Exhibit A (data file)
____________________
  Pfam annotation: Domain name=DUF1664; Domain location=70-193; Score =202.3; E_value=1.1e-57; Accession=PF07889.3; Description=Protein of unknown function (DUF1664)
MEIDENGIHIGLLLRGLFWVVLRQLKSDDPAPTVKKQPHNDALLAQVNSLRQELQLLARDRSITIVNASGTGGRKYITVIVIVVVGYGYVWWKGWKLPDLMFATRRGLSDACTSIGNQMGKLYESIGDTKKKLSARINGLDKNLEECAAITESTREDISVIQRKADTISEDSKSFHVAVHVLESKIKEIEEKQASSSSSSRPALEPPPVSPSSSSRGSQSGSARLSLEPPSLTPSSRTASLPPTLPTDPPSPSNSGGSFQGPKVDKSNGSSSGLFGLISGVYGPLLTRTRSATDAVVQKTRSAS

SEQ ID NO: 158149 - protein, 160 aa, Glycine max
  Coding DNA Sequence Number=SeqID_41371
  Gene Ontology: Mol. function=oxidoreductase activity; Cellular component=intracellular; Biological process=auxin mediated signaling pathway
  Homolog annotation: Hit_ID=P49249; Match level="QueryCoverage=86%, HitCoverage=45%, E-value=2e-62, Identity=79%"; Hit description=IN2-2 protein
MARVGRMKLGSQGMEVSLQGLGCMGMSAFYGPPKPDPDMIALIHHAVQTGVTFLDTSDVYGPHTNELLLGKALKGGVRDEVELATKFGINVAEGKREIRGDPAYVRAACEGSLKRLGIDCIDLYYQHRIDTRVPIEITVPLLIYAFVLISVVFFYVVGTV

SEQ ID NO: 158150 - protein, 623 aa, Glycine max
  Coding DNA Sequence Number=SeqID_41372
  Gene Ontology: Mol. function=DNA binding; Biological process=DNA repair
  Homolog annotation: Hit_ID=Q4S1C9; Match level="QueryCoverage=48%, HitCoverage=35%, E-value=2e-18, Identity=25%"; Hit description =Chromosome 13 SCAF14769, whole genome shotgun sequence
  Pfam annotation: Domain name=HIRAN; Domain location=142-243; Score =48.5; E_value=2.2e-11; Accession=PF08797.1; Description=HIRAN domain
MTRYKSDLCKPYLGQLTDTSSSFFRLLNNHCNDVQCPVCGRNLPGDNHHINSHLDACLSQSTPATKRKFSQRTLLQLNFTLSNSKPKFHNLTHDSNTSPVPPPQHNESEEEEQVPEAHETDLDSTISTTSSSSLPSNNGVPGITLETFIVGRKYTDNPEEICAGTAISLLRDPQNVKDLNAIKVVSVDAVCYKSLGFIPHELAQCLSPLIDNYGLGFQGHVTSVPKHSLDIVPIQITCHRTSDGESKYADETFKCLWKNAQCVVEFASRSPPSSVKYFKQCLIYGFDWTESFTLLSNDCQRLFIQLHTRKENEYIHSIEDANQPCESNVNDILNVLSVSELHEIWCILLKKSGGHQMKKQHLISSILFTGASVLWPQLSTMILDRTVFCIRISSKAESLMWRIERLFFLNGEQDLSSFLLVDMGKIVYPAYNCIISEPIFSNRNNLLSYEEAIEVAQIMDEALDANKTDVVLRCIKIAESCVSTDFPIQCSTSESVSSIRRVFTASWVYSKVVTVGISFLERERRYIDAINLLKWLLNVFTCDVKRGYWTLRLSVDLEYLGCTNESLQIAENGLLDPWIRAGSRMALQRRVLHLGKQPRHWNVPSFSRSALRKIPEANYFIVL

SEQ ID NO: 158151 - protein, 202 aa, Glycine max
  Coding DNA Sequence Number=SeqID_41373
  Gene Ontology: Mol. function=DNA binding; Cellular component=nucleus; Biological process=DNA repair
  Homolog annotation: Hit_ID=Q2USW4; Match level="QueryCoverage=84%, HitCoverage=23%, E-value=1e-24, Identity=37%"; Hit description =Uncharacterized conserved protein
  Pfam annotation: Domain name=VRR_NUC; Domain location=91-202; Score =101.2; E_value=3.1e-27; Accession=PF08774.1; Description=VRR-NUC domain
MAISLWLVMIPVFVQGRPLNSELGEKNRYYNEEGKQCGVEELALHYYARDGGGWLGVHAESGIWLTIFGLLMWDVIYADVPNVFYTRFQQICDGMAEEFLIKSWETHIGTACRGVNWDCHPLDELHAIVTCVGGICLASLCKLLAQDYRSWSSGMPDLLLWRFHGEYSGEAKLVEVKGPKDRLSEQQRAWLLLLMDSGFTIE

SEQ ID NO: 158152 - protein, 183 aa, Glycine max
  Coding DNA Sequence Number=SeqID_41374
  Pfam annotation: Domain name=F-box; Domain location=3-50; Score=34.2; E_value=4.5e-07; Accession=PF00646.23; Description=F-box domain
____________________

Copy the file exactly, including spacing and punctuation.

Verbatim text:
  Pfam annotation: Domain name=DUF1664; Domain location=70-193; Score =202.3; E_value=1.1e-57; Accession=PF07889.3; Description=Protein of unknown function (DUF1664)
MEIDENGIHIGLLLRGLFWVVLRQLKSDDPAPTVKKQPHNDALLAQVNSLRQELQLLARDRSITIVNASGTGGRKYITVIVIVVVGYGYVWWKGWKLPDLMFATRRGLSDACTSIGNQMGKLYESIGDTKKKLSARINGLDKNLEECAAITESTREDISVIQRKADTISEDSKSFHVAVHVLESKIKEIEEKQASSSSSSRPALEPPPVSPSSSSRGSQSGSARLSLEPPSLTPSSRTASLPPTLPTDPPSPSNSGGSFQGPKVDKSNGSSSGLFGLISGVYGPLLTRTRSATDAVVQKTRSAS

SEQ ID NO: 158149 - protein, 160 aa, Glycine max
  Coding DNA Sequence Number=SeqID_41371
  Gene Ontology: Mol. function=oxidoreductase activity; Cellular component=intracellular; Biological process=auxin mediated signaling pathway
  Homolog annotation: Hit_ID=P49249; Match level="QueryCoverage=86%, HitCoverage=45%, E-value=2e-62, Identity=79%"; Hit description=IN2-2 protein
MARVGRMKLGSQGMEVSLQGLGCMGMSAFYGPPKPDPDMIALIHHAVQTGVTFLDTSDVYGPHTNELLLGKALKGGVRDEVELATKFGINVAEGKREIRGDPAYVRAACEGSLKRLGIDCIDLYYQHRIDTRVPIEITVPLLIYAFVLISVVFFYVVGTV

SEQ ID NO: 158150 - protein, 623 aa, Glycine max
  Coding DNA Sequence Number=SeqID_41372
  Gene Ontology: Mol. function=DNA binding; Biological process=DNA repair
  Homolog annotation: Hit_ID=Q4S1C9; Match level="QueryCoverage=48%, HitCoverage=35%, E-value=2e-18, Identity=25%"; Hit description =Chromosome 13 SCAF14769, whole genome shotgun sequence
  Pfam annotation: Domain name=HIRAN; Domain location=142-243; Score =48.5; E_value=2.2e-11; Accession=PF08797.1; Description=HIRAN domain
MTRYKSDLCKPYLGQLTDTSSSFFRLLNNHCNDVQCPVCGRNLPGDNHHINSHLDACLSQSTPATKRKFSQRTLLQLNFTLSNSKPKFHNLTHDSNTSPVPPPQHNESEEEEQVPEAHETDLDSTISTTSSSSLPSNNGVPGITLETFIVGRKYTDNPEEICAGTAISLLRDPQNVKDLNAIKVVSVDAVCYKSLGFIPHELAQCLSPLIDNYGLGFQGHVTSVPKHSLDIVPIQITCHRTSDGESKYADETFKCLWKNAQCVVEFASRSPPSSVKYFKQCLIYGFDWTESFTLLSNDCQRLFIQLHTRKENEYIHSIEDANQPCESNVNDILNVLSVSELHEIWCILLKKSGGHQMKKQHLISSILFTGASVLWPQLSTMILDRTVFCIRISSKAESLMWRIERLFFLNGEQDLSSFLLVDMGKIVYPAYNCIISEPIFSNRNNLLSYEEAIEVAQIMDEALDANKTDVVLRCIKIAESCVSTDFPIQCSTSESVSSIRRVFTASWVYSKVVTVGISFLERERRYIDAINLLKWLLNVFTCDVKRGYWTLRLSVDLEYLGCTNESLQIAENGLLDPWIRAGSRMALQRRVLHLGKQPRHWNVPSFSRSALRKIPEANYFIVL

SEQ ID NO: 158151 - protein, 202 aa, Glycine max
  Coding DNA Sequence Number=SeqID_41373
  Gene Ontology: Mol. function=DNA binding; Cellular component=nucleus; Biological process=DNA repair
  Homolog annotation: Hit_ID=Q2USW4; Match level="QueryCoverage=84%, HitCoverage=23%, E-value=1e-24, Identity=37%"; Hit description =Uncharacterized conserved protein
  Pfam annotation: Domain name=VRR_NUC; Domain location=91-202; Score =101.2; E_value=3.1e-27; Accession=PF08774.1; Description=VRR-NUC domain
MAISLWLVMIPVFVQGRPLNSELGEKNRYYNEEGKQCGVEELALHYYARDGGGWLGVHAESGIWLTIFGLLMWDVIYADVPNVFYTRFQQICDGMAEEFLIKSWETHIGTACRGVNWDCHPLDELHAIVTCVGGICLASLCKLLAQDYRSWSSGMPDLLLWRFHGEYSGEAKLVEVKGPKDRLSEQQRAWLLLLMDSGFTIE

SEQ ID NO: 158152 - protein, 183 aa, Glycine max
  Coding DNA Sequence Number=SeqID_41374
  Pfam annotation: Domain name=F-box; Domain location=3-50; Score=34.2; E_value=4.5e-07; Accession=PF00646.23; Description=F-box domain